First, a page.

“After all she stays here. We are sort of neighbors. But many customers don’t like them around and so we shout at them,” another one explained.

“Come again,” the girl said to me.
“Do come again Madam,” the shopkeepers said with smile.

Who knows, I might have been in the place of that girl!
Or if life changes to worst, I might have to beg one day!!
At times even if I cannot give money or food to beggars, I treat them with dignity.

Life is full of uncertainties – but I have no fear.

Guilt? Yes I feel some sort of guilt.
How can I say that I live in a cultured society where people have to beg for food and have to live on streets?
How can I spend so much for non-needs when millions have no ways of fulfilling basic needs?

Yes, I feel guilty of being not able to change the reality around – as I would have liked!
I guess I will have to live with this guilt forever! 


  1. That's one of the things we can never get used to, spending money on things which we can sometimes do without when there are some who don't have anything to eat or wear. Though some would argue that we are doing more for them by paying our taxes and are not responsible for their well-being, I can't agree with the argument. Loved the narration and the ethos.

  2. zephyr, yes, I think this is one aspect of life which always brings dilemmas to me. I can never be fully satisfied with myself in this regard - whatever I do!! Thanks for sharing your thoughts on this.

  3. It is always a situation which forces us to question ourselves, our motives, our needs, our desires. Just because, we are fortunate to take care of our selves and have enough resources, so to say, does not give us right to look down upon any one, who does not have enough.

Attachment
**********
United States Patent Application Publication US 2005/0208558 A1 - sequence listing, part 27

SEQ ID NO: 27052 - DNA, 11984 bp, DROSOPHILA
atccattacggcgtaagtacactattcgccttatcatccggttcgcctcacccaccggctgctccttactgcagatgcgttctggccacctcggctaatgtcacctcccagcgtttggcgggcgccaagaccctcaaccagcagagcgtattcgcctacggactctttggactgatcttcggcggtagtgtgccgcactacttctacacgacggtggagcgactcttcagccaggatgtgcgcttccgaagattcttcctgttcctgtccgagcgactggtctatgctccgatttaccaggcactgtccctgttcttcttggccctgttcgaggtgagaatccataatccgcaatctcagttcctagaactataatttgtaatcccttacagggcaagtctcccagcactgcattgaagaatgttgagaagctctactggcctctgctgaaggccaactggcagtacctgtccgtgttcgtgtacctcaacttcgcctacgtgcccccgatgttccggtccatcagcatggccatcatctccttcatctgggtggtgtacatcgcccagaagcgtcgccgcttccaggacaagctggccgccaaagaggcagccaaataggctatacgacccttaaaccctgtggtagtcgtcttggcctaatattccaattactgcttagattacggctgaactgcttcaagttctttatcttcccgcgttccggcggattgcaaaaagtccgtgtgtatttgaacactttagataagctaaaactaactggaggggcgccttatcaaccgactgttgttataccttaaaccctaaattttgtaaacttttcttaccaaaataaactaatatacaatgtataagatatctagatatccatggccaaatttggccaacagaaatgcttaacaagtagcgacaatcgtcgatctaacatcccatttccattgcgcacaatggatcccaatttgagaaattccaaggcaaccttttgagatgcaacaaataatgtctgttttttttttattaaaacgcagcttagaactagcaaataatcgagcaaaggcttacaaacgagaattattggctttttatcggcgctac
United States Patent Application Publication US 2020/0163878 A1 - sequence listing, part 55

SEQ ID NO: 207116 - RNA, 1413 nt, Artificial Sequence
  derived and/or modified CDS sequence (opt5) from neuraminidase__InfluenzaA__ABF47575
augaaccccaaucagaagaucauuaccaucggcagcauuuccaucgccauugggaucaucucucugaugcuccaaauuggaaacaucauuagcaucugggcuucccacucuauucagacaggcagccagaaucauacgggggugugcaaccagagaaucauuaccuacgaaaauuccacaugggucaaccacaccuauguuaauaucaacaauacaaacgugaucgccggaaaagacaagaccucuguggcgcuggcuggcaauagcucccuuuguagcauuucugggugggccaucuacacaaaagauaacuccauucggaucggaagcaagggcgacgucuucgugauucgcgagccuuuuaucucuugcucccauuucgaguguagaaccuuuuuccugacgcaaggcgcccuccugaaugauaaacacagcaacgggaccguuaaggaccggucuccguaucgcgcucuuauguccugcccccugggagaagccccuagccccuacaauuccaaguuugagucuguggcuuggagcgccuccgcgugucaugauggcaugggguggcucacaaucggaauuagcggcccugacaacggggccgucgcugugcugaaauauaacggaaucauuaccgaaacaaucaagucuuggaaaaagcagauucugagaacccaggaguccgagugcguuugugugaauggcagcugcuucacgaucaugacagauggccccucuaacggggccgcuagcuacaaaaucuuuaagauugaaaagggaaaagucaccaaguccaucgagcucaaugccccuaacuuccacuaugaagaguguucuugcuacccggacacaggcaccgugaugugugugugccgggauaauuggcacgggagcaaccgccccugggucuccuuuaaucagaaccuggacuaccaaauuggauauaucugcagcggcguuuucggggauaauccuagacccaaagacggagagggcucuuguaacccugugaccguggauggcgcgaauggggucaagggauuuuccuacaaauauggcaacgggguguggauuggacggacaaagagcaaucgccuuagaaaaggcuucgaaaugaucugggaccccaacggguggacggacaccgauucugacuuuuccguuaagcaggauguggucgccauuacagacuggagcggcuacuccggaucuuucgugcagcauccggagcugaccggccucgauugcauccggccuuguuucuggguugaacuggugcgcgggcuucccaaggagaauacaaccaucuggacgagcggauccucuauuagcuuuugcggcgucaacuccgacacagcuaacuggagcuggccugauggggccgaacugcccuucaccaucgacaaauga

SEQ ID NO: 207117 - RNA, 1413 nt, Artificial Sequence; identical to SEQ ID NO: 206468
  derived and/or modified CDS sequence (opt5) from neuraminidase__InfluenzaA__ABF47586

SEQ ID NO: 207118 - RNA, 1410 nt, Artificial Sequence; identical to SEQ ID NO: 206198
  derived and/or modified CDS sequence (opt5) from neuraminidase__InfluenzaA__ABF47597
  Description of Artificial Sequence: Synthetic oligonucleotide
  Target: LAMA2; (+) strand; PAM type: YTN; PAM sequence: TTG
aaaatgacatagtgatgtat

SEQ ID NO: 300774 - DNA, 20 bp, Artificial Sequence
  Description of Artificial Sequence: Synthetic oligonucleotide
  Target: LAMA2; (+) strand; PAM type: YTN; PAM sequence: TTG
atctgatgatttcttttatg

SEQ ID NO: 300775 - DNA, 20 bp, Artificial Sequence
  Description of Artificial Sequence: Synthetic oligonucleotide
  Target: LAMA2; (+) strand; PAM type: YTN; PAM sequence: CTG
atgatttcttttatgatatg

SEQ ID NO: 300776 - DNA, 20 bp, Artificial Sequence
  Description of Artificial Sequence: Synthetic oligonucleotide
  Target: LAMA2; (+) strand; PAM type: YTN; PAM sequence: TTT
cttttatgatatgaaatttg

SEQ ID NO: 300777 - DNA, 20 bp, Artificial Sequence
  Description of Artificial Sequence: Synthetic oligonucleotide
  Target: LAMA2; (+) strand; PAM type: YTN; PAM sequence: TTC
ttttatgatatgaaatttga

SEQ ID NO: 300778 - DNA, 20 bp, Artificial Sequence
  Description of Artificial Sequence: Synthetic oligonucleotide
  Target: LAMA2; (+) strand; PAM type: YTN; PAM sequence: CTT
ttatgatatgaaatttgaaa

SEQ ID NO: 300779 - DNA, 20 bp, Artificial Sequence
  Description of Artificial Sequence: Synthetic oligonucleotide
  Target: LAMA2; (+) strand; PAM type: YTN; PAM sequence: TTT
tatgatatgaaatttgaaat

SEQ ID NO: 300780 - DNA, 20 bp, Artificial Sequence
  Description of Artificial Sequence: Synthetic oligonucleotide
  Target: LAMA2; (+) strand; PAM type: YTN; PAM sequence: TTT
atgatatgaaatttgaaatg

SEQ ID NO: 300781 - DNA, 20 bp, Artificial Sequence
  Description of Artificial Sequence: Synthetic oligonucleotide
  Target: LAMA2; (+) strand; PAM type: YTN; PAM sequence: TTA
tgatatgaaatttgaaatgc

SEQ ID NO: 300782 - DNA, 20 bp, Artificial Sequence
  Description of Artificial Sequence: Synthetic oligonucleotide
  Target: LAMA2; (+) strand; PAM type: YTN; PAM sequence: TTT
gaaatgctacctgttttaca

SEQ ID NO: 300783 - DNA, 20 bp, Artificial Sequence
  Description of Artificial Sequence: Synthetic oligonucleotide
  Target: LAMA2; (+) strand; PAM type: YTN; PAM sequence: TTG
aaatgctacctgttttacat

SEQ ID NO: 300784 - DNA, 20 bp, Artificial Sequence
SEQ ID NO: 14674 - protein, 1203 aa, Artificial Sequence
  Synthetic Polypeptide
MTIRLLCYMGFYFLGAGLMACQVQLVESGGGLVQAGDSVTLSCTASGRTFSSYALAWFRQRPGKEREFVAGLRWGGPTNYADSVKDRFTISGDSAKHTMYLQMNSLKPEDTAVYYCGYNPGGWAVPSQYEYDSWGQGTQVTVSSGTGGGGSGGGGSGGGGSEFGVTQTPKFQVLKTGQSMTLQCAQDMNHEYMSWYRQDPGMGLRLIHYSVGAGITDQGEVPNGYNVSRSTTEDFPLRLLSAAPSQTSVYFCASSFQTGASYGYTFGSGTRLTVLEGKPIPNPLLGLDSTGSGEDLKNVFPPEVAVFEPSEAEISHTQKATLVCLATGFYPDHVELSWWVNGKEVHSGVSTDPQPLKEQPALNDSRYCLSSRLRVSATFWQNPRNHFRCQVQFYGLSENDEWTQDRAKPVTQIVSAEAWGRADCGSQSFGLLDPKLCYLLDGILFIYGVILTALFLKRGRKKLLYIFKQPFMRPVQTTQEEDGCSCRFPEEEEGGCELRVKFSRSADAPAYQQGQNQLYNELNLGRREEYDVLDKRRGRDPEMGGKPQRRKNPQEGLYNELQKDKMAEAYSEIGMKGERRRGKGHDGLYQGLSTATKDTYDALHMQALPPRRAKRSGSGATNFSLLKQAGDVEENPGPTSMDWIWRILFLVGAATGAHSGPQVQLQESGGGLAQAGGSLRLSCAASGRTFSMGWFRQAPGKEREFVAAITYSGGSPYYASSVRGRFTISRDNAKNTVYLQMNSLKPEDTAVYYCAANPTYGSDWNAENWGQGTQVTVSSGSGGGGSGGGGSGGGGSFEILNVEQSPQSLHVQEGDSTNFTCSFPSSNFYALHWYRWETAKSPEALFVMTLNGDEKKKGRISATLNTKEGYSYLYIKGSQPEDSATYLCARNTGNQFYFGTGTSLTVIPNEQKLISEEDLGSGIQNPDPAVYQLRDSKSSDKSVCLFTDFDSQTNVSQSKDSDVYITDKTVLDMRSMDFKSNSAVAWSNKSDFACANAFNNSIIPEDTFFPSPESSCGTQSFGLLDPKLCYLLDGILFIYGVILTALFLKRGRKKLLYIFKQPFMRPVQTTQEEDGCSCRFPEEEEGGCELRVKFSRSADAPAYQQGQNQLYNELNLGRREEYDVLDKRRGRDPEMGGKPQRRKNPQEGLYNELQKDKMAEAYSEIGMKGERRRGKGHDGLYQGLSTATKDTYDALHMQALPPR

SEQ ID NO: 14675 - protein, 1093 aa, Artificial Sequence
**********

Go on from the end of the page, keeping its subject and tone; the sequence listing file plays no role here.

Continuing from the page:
As a rule, I never give, children, money. Food, clothes, yes. But never money. Don't know..if it is right or wrong...in these situations, what ever we do, is not enough, neither of us, nor for them. Its only the guilt that remains.

  4. Kunal, thank you so much for sharing your thoughts. The only way to deal with this long-lasting guilt is to do as much as we can. I too never give money to beggars - offer food,clothes, medicine etc whatever they want - but never know whether I am right or wrong.

  5. Aativas, the anecdote was moving, it touched me. For some reason, I really liked it. May be the way you narrated it made it look so different, so readable.
    I am still not able to figure out what to say on such a sensitive issue but surely just because we have the basic resources, we do not reserve the right to look down on beings who do not possess them!

  6. Animesh, you liked the post because I think we go through the same dilemma when we face the situation. I mean what exactly is right in such situation is never clear ...

    This was a good experience (the girl was very honest and the shopkeepers were sensitive) but I have other experiences too!!

  7. I am touched, you have articulated our guilt so well.....

  8. Preeti, I have experienced it so many times ...

  9. I agree completely about treating everyone with dignity. I usually do not give money to beggars (except to old ladies, but that is another story) but I feel so humiliated when I see people shouting at them!

  10. Suniljee, only the other day someone was explaining me how Begging is an organized industry .. I know that .. still shouting is too much - I agree.